Many tenants and landlords have used the amnesty on tenants’ improvements to update and agree a list of tenants’ improvements eligible for compensation at waygo.
This has been a very useful exercise, which will make the waygo process more straightforward.
But it is also one that has exposed one of the problems I frequently come across – and that is the failure to make a written record of discussions held and agreements made when landlords and tenants, or their agents, meet to discuss some aspect of the landlord/tenant relationship.
It’s easy to see how this happens.
The landlord and tenant have a good relationship, they meet on the farm, the tenants asks if it’s OK if he/she builds a shed, the landlord says that’s fine, and off they go.
It might be several decades before the question of compensation for that shed becomes an issue, and by that time it’s likely that any (or all) of the tenant, landlord, or agents have changed and there is no collective memory of what was agreed in the past.
In such circumstances, the landlord may be unwilling to accept that the shed has been properly consented, and is therefore unwilling to accept it as qualifying as a tenant’s improvement eligible for compensation.
The same problem of lack of a written record can occur during discussions over rent, repairs and maintenance, or indeed on any occasion when there are discussions over any aspect of the landlord/tenant relationship.
A recent case involved a tenant who said that he had only agreed to a significant rent increase because he believed that the landlord had agreed to install a new slurry store, but in the absence of any written confirmation there was no way to substantiate that belief.
This is an easy problem to avoid.
At the conclusion of any such meeting, the parties should summarise what has been discussed, and what has been agreed, and should agree which party will produce a brief written record of the meeting.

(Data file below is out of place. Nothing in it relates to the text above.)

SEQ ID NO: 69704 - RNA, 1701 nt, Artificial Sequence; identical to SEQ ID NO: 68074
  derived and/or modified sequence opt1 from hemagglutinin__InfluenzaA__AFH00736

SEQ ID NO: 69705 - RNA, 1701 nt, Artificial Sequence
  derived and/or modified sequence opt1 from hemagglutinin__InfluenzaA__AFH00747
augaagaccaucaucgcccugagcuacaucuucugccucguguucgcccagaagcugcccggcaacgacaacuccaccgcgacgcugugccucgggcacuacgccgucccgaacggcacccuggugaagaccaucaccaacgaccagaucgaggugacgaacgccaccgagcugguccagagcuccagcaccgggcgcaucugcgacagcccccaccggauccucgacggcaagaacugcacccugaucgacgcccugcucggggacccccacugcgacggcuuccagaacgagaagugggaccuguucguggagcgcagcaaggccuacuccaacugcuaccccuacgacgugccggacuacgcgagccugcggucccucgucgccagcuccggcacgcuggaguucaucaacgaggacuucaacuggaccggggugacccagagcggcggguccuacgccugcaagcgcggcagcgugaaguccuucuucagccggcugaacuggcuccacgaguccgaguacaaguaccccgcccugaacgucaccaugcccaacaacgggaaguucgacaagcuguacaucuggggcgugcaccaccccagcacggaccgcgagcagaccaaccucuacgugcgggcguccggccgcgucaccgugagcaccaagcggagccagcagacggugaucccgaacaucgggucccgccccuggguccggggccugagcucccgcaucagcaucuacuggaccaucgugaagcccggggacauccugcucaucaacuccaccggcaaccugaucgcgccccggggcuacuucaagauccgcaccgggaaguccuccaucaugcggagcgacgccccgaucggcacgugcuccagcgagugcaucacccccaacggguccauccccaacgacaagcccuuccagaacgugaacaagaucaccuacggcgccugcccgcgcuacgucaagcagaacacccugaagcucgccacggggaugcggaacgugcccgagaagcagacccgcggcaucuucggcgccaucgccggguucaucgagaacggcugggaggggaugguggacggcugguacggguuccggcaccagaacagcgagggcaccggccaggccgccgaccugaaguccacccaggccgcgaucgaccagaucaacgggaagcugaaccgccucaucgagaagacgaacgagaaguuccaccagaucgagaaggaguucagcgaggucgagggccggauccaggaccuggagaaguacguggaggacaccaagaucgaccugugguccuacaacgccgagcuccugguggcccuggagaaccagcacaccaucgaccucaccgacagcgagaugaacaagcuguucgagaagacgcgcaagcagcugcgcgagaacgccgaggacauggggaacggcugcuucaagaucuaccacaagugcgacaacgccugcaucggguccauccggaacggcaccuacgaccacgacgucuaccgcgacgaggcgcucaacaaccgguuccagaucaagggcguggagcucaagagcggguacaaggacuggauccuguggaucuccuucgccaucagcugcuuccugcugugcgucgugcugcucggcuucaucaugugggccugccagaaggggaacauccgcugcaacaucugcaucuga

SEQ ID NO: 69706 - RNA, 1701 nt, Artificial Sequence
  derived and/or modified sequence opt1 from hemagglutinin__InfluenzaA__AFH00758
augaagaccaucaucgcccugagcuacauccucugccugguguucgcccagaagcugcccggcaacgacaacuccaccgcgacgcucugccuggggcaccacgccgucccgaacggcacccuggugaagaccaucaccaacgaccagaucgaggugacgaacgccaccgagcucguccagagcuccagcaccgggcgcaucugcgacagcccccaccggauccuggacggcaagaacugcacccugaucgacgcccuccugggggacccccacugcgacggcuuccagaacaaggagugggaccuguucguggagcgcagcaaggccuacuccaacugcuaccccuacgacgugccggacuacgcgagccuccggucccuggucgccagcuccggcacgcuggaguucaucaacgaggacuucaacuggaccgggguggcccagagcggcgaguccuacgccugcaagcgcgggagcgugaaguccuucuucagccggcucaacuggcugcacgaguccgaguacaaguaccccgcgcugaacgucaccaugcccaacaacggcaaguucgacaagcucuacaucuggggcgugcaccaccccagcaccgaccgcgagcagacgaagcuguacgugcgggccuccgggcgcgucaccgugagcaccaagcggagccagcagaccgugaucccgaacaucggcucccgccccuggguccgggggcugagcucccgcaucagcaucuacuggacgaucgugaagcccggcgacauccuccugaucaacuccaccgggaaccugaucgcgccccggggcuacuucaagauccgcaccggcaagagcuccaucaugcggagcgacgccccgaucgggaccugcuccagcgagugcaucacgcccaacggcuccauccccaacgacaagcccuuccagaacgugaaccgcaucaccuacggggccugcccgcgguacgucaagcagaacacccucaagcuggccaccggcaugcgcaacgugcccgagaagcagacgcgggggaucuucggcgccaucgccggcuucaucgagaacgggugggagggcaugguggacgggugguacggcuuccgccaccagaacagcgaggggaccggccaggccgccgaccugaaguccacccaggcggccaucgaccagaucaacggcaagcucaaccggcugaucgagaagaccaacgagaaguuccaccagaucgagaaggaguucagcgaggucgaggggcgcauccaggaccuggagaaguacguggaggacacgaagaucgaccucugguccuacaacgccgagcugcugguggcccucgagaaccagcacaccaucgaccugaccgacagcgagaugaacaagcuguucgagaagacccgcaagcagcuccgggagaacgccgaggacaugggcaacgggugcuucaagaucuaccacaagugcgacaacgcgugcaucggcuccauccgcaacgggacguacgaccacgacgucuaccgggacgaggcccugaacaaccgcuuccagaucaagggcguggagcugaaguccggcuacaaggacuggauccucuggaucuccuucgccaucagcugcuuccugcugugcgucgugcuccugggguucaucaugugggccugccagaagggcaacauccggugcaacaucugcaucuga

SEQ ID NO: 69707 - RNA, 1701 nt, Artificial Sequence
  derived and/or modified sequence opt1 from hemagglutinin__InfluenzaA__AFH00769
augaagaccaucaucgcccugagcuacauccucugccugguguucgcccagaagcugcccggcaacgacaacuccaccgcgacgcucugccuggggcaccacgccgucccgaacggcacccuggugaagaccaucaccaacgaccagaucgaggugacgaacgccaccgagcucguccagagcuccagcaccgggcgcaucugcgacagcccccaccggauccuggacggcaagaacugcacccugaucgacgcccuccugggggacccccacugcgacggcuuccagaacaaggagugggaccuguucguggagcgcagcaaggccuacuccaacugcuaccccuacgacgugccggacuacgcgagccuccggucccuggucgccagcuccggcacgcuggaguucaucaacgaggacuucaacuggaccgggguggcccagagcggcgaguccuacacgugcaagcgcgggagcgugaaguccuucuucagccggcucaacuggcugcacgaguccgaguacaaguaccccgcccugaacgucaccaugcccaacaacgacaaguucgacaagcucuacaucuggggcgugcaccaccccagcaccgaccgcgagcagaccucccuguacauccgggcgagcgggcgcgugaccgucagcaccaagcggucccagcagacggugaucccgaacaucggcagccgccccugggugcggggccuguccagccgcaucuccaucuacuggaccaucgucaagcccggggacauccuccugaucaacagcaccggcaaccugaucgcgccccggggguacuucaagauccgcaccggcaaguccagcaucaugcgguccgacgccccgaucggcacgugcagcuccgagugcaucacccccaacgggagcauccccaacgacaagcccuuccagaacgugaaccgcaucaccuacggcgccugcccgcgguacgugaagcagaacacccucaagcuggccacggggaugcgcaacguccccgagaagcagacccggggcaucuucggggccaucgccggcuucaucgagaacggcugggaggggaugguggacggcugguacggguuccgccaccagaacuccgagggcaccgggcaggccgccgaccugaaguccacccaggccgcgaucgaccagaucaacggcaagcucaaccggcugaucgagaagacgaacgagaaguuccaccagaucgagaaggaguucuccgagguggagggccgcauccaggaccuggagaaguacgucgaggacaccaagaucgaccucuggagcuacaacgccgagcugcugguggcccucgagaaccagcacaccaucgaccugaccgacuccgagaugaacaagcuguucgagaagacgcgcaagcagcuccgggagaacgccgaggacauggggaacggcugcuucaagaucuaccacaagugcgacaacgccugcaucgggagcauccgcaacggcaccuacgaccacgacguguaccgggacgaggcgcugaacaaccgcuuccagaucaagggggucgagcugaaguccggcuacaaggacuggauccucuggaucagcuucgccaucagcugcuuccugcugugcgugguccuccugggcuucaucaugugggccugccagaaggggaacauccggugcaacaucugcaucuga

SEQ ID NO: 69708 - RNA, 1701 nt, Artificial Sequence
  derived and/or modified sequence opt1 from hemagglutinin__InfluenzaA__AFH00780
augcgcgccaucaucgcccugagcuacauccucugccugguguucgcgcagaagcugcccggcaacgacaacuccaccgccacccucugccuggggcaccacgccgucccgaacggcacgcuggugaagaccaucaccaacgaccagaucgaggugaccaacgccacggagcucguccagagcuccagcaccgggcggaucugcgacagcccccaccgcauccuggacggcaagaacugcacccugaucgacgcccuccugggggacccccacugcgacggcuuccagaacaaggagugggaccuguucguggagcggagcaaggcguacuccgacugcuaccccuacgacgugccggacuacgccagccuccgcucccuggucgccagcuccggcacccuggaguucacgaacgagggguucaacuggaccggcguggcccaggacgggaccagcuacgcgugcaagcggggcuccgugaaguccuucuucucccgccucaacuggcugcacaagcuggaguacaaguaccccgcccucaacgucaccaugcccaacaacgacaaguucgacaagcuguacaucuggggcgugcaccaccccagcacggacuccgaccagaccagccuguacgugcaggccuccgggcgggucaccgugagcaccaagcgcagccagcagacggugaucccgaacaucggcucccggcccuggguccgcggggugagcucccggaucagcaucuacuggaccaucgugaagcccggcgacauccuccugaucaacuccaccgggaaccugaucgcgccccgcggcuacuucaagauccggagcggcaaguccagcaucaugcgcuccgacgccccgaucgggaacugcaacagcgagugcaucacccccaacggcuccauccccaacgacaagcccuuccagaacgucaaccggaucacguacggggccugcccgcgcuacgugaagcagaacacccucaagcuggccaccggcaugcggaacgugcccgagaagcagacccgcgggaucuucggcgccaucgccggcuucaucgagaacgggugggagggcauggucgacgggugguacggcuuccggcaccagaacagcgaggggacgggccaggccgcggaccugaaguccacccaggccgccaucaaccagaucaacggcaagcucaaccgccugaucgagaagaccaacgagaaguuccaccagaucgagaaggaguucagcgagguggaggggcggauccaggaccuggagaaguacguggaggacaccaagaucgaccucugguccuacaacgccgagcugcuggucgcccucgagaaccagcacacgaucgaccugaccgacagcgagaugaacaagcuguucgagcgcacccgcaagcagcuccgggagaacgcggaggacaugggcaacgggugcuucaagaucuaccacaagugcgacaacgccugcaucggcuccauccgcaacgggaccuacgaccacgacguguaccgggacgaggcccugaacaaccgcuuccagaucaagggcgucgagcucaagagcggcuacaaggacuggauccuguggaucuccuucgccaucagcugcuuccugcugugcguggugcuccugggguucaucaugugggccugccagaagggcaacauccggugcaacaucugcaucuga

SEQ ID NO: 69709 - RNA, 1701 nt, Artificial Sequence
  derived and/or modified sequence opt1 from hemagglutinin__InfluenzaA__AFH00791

Once the other party has signified their agreement to that record, both parties have on file a clear record of what has been agreed.
In the majority of cases there is no need for this to be a formal legal agreement; an exchange of emails will generally be enough to ensure that the wishes and intentions of both parties are recoded for posterity.
However, as always, tenants and landlords are advised to take legal advice specific to their own circumstances, and particularly if a significant change to the responsibilities and obligations of either party is being proposed.
The importance of providing accurate information also applies to tenants considering taking advantage of the new relinquishment and assignation provisions, which enable a tenant with a 1991 Act tenancy to offer to sell it back to the landlord or – if the landlord opts not to buy it – to sell it on the open market (subject to the landlord’s ability to object to the proposed assignee).
The legislation sets a limit on the time that is allowed for the Tenant Farming Commissioner to appoint a valuer and for the valuer to complete the valuation.
Unless the tenant provides a full picture of what is to be valued, including a list of tenant’s improvements that has been agreed with the landlord, the valuer may find it difficult to complete the valuation within the time allowed – and there is no provision in the legislation to deal with the situation where this happens.
To encourage tenants to avoid this problem, I have provided guidance on the information that should accompany a notice of intention to relinquish.
This will be published on the Scottish Land Commission website shortly at landcommission.gov.scot
- Bob McIntosh is Scotland’s Tenant Farming Commissioner.